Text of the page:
PS2 - 03: MIDTERM OSCE PREDICTS STUDENT PERFORMANCE ON NBME SHELF EXAMINATION AND CLINICAL PERFORMANCE
David D Odell, MD, MMSc, Jonathan Fryer, Trevor Barnum, Jason Burke, Amy Halverson; Northwestern University
Purpose: Accurate evaluation of medical student skills during the surgical clerkship can prove difficult and has traditionally relied upon standardized tools such as the National Board of Medical Examiners (NBME) Shelf examination. However, test metrics do not necessarily provide accurate information on all aspects of surgical patient care. Objective structured clinical examinations (OSCE) are assessment tools which are meant to evaluate interpersonal skills and the process of care in addition to the fund of knowledge. We sought to determine whether OSCE examination scores could predict clinical performance of medical students in a general surgery clerkship.
Methods: We developed an OSCE scenario presenting a 33 year old male with acute appendicitis. The scenario was given to students at the mid-point of the 8-week third year surgical clerkship (midterm OSCE) as a formative exercise. Students were asked to perform a focused history and physical examination with a standardized patient and to discuss their differential diagnosis and management plan. Performance was then assessed by both the standardized patient and independent observers and formally scored. We compared Midterm OSCE scores with end of rotation performance on the NBME Shelf examination, scores on formal end of rotation OSCE examinations, and clinical performance evaluations received for each student at the completion of their clinical rotation. Correlation with the clinical performance evaluation served as the primary endpoint for the study.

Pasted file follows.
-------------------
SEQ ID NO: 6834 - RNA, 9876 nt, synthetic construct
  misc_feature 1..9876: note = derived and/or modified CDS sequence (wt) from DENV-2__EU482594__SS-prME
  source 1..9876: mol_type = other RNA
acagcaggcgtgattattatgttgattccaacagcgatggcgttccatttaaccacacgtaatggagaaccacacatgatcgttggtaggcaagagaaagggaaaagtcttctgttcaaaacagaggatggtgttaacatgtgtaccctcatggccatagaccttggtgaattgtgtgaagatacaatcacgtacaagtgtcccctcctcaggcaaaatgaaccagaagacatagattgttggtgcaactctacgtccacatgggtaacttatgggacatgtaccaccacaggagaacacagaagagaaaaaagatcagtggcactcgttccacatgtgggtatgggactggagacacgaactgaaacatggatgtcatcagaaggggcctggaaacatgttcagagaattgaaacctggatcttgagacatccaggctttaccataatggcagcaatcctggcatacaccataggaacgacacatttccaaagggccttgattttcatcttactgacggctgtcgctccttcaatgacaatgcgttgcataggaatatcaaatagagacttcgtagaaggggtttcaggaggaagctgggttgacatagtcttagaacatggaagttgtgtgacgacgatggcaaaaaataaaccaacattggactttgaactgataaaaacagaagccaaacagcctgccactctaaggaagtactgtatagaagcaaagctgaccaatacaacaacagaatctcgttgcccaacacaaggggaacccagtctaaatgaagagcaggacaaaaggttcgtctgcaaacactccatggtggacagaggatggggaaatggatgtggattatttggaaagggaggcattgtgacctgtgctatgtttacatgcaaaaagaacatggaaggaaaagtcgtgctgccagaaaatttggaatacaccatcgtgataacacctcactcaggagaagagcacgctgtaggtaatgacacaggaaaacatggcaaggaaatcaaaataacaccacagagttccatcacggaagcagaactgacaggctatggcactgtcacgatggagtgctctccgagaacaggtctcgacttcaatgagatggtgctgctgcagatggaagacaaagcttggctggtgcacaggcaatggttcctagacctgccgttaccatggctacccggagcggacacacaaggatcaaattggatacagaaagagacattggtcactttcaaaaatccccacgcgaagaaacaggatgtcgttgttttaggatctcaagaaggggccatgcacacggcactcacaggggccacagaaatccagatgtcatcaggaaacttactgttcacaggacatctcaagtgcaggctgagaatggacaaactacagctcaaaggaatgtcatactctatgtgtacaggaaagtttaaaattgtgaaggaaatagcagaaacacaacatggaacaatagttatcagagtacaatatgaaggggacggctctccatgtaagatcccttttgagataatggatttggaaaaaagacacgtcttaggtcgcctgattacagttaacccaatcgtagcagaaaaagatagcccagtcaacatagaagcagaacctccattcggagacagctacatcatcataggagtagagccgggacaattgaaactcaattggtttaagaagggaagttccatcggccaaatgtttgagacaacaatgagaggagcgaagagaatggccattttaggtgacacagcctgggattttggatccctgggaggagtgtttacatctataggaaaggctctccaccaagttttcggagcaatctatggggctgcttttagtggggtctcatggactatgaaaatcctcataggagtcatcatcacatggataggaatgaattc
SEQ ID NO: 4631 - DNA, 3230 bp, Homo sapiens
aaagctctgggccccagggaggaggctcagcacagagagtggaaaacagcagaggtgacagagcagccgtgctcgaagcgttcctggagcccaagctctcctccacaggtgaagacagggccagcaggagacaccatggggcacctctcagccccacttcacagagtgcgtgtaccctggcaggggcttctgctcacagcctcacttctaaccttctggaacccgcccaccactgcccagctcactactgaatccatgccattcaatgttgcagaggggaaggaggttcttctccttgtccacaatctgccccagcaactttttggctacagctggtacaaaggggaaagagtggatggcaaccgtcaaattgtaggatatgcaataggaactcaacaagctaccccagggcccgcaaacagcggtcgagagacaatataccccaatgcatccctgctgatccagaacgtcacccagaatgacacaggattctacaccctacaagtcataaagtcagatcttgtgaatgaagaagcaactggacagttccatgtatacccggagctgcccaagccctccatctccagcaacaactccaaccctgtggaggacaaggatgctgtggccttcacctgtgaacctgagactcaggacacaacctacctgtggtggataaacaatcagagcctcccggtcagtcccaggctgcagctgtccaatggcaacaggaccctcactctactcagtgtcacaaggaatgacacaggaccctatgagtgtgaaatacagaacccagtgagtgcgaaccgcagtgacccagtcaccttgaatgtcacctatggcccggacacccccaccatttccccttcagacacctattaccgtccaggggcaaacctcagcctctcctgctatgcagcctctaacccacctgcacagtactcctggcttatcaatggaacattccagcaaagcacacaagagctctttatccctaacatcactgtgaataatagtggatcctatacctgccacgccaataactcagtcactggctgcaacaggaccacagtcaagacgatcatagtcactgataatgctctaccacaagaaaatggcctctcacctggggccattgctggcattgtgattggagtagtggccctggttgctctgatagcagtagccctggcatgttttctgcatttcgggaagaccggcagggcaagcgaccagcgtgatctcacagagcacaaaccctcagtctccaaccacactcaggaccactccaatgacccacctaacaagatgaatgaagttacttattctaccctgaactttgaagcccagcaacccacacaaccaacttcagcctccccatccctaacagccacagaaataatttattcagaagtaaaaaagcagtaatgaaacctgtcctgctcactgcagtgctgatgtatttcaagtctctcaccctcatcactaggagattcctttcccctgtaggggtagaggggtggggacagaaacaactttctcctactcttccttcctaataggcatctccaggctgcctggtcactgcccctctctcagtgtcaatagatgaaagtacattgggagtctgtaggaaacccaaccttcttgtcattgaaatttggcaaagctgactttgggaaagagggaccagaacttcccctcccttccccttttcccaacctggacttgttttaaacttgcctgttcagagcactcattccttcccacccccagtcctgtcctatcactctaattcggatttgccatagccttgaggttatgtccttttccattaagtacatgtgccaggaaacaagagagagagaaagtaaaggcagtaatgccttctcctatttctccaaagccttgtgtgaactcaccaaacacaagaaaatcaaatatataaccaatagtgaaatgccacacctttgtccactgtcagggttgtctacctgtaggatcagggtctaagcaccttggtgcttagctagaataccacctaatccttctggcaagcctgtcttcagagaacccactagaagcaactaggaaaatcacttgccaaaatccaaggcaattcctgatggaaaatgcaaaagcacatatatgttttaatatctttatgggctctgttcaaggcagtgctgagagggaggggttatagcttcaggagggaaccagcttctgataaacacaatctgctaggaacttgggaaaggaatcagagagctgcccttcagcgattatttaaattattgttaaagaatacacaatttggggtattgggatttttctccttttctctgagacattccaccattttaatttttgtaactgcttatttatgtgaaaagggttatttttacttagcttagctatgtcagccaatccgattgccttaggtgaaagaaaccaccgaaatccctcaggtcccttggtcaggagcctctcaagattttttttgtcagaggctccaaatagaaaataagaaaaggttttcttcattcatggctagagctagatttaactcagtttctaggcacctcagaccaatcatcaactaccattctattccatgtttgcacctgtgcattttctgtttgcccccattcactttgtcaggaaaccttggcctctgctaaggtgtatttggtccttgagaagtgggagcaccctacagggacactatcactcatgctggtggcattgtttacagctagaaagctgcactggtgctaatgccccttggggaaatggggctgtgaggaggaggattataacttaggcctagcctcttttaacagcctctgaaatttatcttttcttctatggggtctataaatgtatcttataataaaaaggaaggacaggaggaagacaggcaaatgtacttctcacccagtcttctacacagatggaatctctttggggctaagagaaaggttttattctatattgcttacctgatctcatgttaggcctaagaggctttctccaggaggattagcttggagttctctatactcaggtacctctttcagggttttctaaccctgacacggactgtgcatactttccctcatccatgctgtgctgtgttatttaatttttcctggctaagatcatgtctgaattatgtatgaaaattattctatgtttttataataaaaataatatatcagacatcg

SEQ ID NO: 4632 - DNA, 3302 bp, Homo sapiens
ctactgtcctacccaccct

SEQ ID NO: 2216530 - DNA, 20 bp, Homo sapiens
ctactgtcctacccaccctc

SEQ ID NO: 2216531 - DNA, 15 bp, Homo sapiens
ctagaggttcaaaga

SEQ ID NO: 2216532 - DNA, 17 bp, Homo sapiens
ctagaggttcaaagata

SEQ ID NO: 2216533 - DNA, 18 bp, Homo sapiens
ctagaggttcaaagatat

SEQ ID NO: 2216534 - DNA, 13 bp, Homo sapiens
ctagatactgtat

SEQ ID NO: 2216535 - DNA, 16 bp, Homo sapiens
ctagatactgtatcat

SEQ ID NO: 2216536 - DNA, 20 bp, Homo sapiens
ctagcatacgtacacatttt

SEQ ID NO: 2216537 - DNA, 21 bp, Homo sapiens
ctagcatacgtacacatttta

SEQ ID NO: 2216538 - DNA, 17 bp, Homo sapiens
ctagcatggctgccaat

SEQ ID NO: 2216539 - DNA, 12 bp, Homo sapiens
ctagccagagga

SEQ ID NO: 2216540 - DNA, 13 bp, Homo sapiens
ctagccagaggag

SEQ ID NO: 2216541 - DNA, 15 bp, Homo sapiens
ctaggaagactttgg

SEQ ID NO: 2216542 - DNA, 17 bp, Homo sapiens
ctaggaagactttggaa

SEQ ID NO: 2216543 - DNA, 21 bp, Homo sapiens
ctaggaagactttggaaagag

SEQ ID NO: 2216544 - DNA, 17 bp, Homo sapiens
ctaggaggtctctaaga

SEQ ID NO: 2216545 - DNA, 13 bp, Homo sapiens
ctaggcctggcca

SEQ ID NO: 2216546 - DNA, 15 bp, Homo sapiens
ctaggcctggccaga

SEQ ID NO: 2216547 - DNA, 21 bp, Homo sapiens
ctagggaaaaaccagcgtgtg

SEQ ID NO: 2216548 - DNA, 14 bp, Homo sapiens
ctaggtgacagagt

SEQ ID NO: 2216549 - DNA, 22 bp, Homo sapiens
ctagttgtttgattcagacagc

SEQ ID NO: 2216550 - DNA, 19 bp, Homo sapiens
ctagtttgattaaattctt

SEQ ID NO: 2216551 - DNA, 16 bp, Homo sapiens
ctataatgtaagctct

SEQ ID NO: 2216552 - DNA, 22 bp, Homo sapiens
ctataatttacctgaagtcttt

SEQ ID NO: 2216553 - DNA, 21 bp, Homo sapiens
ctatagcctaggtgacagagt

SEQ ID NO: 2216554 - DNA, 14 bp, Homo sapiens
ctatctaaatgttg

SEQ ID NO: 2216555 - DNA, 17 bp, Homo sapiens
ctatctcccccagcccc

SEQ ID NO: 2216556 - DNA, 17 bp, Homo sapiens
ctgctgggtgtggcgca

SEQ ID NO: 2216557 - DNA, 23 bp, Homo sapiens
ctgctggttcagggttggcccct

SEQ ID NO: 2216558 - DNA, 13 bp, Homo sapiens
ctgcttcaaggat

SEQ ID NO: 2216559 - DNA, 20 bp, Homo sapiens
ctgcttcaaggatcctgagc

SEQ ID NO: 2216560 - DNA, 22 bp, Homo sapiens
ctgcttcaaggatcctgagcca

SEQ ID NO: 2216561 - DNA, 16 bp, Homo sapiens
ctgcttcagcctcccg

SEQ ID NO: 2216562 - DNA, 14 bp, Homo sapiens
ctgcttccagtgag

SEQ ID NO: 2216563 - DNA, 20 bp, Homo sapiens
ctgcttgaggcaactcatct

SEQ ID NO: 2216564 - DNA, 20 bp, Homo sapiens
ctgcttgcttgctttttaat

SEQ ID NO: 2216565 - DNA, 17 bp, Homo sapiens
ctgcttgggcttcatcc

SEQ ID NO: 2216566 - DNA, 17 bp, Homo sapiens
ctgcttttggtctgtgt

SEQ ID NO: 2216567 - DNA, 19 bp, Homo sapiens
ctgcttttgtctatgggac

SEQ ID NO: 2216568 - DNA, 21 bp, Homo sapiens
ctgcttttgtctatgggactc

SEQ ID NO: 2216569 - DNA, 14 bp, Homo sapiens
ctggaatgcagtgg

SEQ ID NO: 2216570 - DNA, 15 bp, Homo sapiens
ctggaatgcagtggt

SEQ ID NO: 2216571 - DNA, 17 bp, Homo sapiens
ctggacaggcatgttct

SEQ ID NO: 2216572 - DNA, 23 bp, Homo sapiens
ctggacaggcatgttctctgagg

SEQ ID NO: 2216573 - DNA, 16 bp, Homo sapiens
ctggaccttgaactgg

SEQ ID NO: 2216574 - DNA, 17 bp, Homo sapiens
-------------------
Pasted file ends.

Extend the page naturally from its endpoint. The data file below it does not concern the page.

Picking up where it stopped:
Results: The midterm OSCE was given to 149 students during the 12 month study period. The mean score on the examination was 28.7 of a possible 40 points (range 17-37). Student performance on the midterm OSCE examination correlated with end of rotation performance on the NBME Shelf examination (p=0.0015) as well as the final OSCE examination (p=0.0056). High midterm OSCE scores most strongly predicted strong clinical performance evaluations (p<0.0000). Midterm written examinations were less accurate in predicting a student’s clinical performance (p=0.0629).
Conclusions: Midterm OSCE examinations predict student performance in both didactic examinations and clinical care settings and may be more accurate than written examinations for this purpose. The use of a midterm OSCE examination may be more valuable for identification of at-risk students than standardized testing.